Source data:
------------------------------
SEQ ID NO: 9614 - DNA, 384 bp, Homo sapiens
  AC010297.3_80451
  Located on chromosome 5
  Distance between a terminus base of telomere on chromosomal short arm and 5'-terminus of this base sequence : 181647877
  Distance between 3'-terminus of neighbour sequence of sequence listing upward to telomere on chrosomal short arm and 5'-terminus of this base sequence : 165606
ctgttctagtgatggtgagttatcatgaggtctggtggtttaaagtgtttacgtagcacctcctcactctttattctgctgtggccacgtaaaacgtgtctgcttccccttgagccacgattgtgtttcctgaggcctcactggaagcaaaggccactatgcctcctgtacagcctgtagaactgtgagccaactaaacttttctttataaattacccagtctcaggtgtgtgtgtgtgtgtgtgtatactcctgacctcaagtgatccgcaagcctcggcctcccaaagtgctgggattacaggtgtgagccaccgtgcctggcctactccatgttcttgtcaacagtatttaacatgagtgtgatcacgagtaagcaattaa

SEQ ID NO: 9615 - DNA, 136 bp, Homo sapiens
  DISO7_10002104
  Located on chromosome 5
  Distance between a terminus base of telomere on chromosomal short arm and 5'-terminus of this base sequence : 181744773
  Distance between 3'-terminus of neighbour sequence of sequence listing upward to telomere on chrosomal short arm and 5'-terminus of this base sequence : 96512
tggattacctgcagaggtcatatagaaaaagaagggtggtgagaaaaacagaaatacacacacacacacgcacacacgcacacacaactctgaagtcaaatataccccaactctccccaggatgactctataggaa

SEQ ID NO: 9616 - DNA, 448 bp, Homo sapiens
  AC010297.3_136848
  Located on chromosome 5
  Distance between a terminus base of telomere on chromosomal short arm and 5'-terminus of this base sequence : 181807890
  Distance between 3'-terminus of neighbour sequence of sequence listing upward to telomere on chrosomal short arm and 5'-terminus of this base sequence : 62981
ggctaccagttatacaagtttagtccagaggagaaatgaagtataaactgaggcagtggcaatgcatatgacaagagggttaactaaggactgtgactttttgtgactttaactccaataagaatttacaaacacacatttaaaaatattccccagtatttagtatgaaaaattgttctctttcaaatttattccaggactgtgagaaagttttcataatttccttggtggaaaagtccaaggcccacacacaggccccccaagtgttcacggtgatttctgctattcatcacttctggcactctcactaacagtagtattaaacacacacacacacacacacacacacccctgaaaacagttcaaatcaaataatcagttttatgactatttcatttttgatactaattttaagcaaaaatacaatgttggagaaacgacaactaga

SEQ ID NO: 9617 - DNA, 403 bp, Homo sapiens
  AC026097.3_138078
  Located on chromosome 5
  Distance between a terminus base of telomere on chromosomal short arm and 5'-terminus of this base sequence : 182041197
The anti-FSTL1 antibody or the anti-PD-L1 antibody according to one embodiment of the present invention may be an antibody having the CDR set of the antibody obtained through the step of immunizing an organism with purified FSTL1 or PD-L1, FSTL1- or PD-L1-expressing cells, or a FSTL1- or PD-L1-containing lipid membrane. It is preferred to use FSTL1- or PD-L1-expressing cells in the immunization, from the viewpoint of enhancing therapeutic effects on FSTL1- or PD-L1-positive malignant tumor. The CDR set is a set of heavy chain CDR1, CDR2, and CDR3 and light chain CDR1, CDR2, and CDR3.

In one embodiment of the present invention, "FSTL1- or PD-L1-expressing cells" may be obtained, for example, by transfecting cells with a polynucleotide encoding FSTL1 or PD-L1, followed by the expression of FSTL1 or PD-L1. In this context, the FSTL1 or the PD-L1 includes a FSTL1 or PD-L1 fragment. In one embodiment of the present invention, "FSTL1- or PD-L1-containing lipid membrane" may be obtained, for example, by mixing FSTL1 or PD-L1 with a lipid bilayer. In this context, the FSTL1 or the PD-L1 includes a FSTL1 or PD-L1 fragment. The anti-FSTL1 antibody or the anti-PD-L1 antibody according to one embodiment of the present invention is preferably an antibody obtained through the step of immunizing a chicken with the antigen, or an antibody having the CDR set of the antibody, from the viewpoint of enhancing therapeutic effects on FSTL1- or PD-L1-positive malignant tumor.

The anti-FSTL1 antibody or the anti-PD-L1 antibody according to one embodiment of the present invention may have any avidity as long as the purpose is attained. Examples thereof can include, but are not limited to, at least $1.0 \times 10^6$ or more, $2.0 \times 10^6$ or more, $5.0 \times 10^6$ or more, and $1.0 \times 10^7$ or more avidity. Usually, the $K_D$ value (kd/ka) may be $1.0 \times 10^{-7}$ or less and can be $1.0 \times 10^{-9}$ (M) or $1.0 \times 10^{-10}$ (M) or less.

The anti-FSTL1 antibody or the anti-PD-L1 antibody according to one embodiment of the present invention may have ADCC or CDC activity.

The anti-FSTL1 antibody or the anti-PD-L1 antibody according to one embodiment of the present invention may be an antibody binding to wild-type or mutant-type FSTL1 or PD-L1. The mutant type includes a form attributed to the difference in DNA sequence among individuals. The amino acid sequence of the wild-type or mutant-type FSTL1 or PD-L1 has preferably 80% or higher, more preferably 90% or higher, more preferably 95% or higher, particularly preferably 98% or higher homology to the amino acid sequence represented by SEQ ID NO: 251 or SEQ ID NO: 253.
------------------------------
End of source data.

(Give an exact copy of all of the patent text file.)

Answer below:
SEQ ID NO: 9614 - DNA, 384 bp, Homo sapiens
  AC010297.3_80451
  Located on chromosome 5
  Distance between a terminus base of telomere on chromosomal short arm and 5'-terminus of this base sequence : 181647877
  Distance between 3'-terminus of neighbour sequence of sequence listing upward to telomere on chrosomal short arm and 5'-terminus of this base sequence : 165606
ctgttctagtgatggtgagttatcatgaggtctggtggtttaaagtgtttacgtagcacctcctcactctttattctgctgtggccacgtaaaacgtgtctgcttccccttgagccacgattgtgtttcctgaggcctcactggaagcaaaggccactatgcctcctgtacagcctgtagaactgtgagccaactaaacttttctttataaattacccagtctcaggtgtgtgtgtgtgtgtgtgtatactcctgacctcaagtgatccgcaagcctcggcctcccaaagtgctgggattacaggtgtgagccaccgtgcctggcctactccatgttcttgtcaacagtatttaacatgagtgtgatcacgagtaagcaattaa

SEQ ID NO: 9615 - DNA, 136 bp, Homo sapiens
  DISO7_10002104
  Located on chromosome 5
  Distance between a terminus base of telomere on chromosomal short arm and 5'-terminus of this base sequence : 181744773
  Distance between 3'-terminus of neighbour sequence of sequence listing upward to telomere on chrosomal short arm and 5'-terminus of this base sequence : 96512
tggattacctgcagaggtcatatagaaaaagaagggtggtgagaaaaacagaaatacacacacacacacgcacacacgcacacacaactctgaagtcaaatataccccaactctccccaggatgactctataggaa

SEQ ID NO: 9616 - DNA, 448 bp, Homo sapiens
  AC010297.3_136848
  Located on chromosome 5
  Distance between a terminus base of telomere on chromosomal short arm and 5'-terminus of this base sequence : 181807890
  Distance between 3'-terminus of neighbour sequence of sequence listing upward to telomere on chrosomal short arm and 5'-terminus of this base sequence : 62981
ggctaccagttatacaagtttagtccagaggagaaatgaagtataaactgaggcagtggcaatgcatatgacaagagggttaactaaggactgtgactttttgtgactttaactccaataagaatttacaaacacacatttaaaaatattccccagtatttagtatgaaaaattgttctctttcaaatttattccaggactgtgagaaagttttcataatttccttggtggaaaagtccaaggcccacacacaggccccccaagtgttcacggtgatttctgctattcatcacttctggcactctcactaacagtagtattaaacacacacacacacacacacacacacccctgaaaacagttcaaatcaaataatcagttttatgactatttcatttttgatactaattttaagcaaaaatacaatgttggagaaacgacaactaga

SEQ ID NO: 9617 - DNA, 403 bp, Homo sapiens
  AC026097.3_138078
  Located on chromosome 5
  Distance between a terminus base of telomere on chromosomal short arm and 5'-terminus of this base sequence : 182041197
The anti-FSTL1 antibody or the anti-PD-L1 antibody according to one embodiment of the present invention may be an antibody having the CDR set of the antibody obtained through the step of immunizing an organism with purified FSTL1 or PD-L1, FSTL1- or PD-L1-expressing cells, or a FSTL1- or PD-L1-containing lipid membrane. It is preferred to use FSTL1- or PD-L1-expressing cells in the immunization, from the viewpoint of enhancing therapeutic effects on FSTL1- or PD-L1-positive malignant tumor. The CDR set is a set of heavy chain CDR1, CDR2, and CDR3 and light chain CDR1, CDR2, and CDR3.

In one embodiment of the present invention, "FSTL1- or PD-L1-expressing cells" may be obtained, for example, by transfecting cells with a polynucleotide encoding FSTL1 or PD-L1, followed by the expression of FSTL1 or PD-L1. In this context, the FSTL1 or the PD-L1 includes a FSTL1 or PD-L1 fragment. In one embodiment of the present invention, "FSTL1- or PD-L1-containing lipid membrane" may be obtained, for example, by mixing FSTL1 or PD-L1 with a lipid bilayer. In this context, the FSTL1 or the PD-L1 includes a FSTL1 or PD-L1 fragment. The anti-FSTL1 antibody or the anti-PD-L1 antibody according to one embodiment of the present invention is preferably an antibody obtained through the step of immunizing a chicken with the antigen, or an antibody having the CDR set of the antibody, from the viewpoint of enhancing therapeutic effects on FSTL1- or PD-L1-positive malignant tumor.

The anti-FSTL1 antibody or the anti-PD-L1 antibody according to one embodiment of the present invention may have any avidity as long as the purpose is attained. Examples thereof can include, but are not limited to, at least $1.0 \times 10^6$ or more, $2.0 \times 10^6$ or more, $5.0 \times 10^6$ or more, and $1.0 \times 10^7$ or more avidity. Usually, the $K_D$ value (kd/ka) may be $1.0 \times 10^{-7}$ or less and can be $1.0 \times 10^{-9}$ (M) or $1.0 \times 10^{-10}$ (M) or less.

The anti-FSTL1 antibody or the anti-PD-L1 antibody according to one embodiment of the present invention may have ADCC or CDC activity.

The anti-FSTL1 antibody or the anti-PD-L1 antibody according to one embodiment of the present invention may be an antibody binding to wild-type or mutant-type FSTL1 or PD-L1. The mutant type includes a form attributed to the difference in DNA sequence among individuals. The amino acid sequence of the wild-type or mutant-type FSTL1 or PD-L1 has preferably 80% or higher, more preferably 90% or higher, more preferably 95% or higher, particularly preferably 98% or higher homology to the amino acid sequence represented by SEQ ID NO: 251 or SEQ ID NO: 253.